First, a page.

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B2B Sales Reps Are Out of Sync With Buyers, But Is Marketing at Fault?

by Bruce Scheer  |  
May 3, 2017

Only 40% of sales organizations clearly understand a customer's issues before proposing a solution, according to Miller Heiman Group. Moreover, 90% of selling content is never used in selling, and 58% of the sales pipeline ends up in "no decision" or stalled deals because Sales has not presented value effectively, according to QVidian.


That's three strikes against sales effectiveness: Sales reps…

  1. Don't understand the buyer's world and associated needs
  2. Aren't using the selling content they're provided
  3. Don't know how to communicate real value to the buyer

Whose fault is it... the sellers'? They often get the blame: They don't hit their quota (only 63% of sales reps do), and they are given their marching papers.

Now, this might sound strange, but I think the blame (and opportunity) should center on the marketing function—before it's even time to go to market.

Why Does This Go-to-Market Sales Performance Problem Exist?

Why? Because marketing organizations aren't taking the time to position the solutions that they want to go to market with—to make sure that they are in tune with the value prospects want.

In fact, one of my firm's partners, Lawson Abinanti from Messages That Matter, completed a study that found 57% of technology and software marketers don't have a formal process for positioning. Fully 53% of the participants admitted that they don't think they do enough research during the positioning process, and 45% don't think they spend enough time on positioning. As a result, there's "me too" positioning, messaging around commodity benefits (instead of unconsidered needs that can drive an unexpected urgency), and talk of "transformations" that have no business value to IT buyers.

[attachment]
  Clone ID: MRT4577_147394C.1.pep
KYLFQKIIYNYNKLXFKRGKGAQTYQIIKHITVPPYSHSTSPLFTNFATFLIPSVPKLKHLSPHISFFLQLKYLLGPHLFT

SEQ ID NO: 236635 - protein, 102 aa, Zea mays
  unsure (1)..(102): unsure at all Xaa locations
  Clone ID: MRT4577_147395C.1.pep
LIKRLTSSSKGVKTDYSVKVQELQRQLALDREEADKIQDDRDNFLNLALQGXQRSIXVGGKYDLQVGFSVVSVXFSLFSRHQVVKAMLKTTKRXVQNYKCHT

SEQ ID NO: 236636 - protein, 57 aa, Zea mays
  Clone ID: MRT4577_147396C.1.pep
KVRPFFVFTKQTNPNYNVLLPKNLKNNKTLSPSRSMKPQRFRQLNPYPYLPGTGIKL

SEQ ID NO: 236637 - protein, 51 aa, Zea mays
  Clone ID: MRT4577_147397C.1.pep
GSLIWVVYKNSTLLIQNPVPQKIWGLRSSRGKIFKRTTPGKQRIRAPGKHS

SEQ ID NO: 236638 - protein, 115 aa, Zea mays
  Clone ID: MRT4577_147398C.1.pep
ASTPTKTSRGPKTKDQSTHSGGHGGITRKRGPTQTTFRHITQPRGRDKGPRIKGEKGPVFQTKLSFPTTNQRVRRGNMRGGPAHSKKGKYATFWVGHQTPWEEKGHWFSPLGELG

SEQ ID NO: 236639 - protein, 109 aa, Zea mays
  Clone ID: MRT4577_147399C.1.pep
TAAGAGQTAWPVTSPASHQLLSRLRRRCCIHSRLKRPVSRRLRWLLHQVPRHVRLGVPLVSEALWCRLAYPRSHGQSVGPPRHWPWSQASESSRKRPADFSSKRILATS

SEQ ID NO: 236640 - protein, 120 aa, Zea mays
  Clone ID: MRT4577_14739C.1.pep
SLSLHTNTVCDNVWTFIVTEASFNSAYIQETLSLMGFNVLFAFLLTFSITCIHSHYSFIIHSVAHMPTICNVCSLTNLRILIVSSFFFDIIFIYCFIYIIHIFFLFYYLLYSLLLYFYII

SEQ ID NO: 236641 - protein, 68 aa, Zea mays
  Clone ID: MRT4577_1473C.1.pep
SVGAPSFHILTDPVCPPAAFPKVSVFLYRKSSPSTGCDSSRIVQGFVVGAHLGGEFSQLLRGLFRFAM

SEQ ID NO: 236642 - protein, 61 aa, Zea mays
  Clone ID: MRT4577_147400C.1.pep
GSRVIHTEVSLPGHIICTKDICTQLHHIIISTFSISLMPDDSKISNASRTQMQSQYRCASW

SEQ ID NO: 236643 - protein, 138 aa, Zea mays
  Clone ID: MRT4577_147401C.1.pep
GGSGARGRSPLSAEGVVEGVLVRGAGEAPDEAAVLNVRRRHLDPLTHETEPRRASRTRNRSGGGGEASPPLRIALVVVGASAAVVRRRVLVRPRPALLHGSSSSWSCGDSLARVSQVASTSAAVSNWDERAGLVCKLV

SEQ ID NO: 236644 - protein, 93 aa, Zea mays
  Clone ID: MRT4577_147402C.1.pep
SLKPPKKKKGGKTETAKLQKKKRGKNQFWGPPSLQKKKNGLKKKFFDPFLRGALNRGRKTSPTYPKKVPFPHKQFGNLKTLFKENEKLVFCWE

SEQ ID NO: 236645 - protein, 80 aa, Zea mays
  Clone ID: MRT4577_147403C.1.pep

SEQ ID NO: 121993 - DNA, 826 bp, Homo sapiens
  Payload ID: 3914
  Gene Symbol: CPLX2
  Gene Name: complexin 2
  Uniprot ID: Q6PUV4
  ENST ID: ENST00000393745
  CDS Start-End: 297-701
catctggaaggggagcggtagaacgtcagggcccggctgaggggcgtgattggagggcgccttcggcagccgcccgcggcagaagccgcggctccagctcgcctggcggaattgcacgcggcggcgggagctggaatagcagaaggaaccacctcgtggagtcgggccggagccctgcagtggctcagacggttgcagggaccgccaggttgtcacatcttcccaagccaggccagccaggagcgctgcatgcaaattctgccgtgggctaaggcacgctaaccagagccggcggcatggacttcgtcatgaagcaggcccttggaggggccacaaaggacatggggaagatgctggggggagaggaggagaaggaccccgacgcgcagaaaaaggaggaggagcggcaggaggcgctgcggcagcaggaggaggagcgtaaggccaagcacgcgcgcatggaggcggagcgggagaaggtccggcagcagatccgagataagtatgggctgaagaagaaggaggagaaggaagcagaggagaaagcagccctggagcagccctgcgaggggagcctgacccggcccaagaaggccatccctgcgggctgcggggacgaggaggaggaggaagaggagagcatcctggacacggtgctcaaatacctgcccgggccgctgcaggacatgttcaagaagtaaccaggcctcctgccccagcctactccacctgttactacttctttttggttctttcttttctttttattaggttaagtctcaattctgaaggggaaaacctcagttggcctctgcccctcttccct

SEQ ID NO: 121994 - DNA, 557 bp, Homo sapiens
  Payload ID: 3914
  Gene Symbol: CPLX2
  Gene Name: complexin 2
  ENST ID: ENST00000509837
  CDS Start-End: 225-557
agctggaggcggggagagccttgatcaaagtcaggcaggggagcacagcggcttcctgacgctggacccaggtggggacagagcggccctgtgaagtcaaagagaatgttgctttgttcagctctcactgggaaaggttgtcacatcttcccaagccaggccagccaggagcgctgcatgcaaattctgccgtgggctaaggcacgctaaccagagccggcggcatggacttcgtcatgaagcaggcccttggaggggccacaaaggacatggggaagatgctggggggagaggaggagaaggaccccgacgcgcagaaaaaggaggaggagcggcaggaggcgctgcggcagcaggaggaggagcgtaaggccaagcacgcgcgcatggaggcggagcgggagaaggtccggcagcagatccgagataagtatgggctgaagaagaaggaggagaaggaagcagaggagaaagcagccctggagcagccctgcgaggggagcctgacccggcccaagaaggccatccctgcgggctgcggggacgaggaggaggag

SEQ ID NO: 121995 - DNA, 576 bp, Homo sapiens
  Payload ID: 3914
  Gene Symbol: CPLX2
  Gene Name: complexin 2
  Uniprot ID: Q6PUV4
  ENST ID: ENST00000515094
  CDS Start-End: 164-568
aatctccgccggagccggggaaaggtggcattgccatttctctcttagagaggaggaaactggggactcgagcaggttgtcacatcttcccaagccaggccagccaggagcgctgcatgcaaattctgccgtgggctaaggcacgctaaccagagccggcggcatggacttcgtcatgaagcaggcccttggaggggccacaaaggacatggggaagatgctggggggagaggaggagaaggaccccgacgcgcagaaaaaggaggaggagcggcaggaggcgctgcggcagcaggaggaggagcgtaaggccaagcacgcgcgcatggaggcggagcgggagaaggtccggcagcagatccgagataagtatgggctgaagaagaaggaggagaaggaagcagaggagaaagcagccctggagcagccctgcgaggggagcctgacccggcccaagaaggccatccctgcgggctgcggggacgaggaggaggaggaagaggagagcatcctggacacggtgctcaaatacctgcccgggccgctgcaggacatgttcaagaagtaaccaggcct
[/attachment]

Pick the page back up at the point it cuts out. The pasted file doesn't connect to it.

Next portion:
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Bruce Scheer is president of FutureSight, provider of go-to-market revenue enablement services. He also heads up the Go-to-Market Sales and Revenue Enablement Group LinkedIn community.

LinkedIn: Bruce Scheer

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  • by Ben Wed May 3, 2017 via web

    This is an excellent article! I totally agree with what you wrote in this piece and I relate to the numbers you mentioned.

    90% of the sales reps do not use the content they are provided. Does it mean that 90% of the sales are lazy, dumb or unprofessional? Or does it mean that 90% of the content does not add value to the client that's why the sales reps do not use it?

    I have worked in B2B for 8 years and I can tell that Marketing and Sales team are very often disconnected - and the ideal collaboration that every leader are seeking, is just wishful thinking.

    I wrote piece on why the sales team should lead the marketing in B2B. I'd like to have your opinion on that, is there any way I can share the link with you?



  • by John A. Fri May 5, 2017 via web

    @Benoît Pétry, I think you've got an excellent point on the content and value comment. So much of what is distributed as sales content is too "salesy" for many customers. Salesy is OK if you have data to back up the claims. I'd be interested in reading the pc you wrote if you can post a link or the actual text. Thanks!

  • by Ben Fri May 5, 2017 via web

    Hi John,

    Thanks for your reply. Here the link to the post I mentioned:

    Because in B2B, the Marketing Team can't convert - which means they do not have access of the data of all the stages of the customer journey, they are producing content that is often not relevant. That's why, the sales team should lead the marketing team for the content production and customer journey mapping.

  • by Brooke Harper Sun May 7, 2017 via web

    Great point, Bruce! I think the blame should center on the marketing function. because marketing isn’t taking the time to position the solutions and make sure that they are in tune with the value prospects want. Thanks for sharing!

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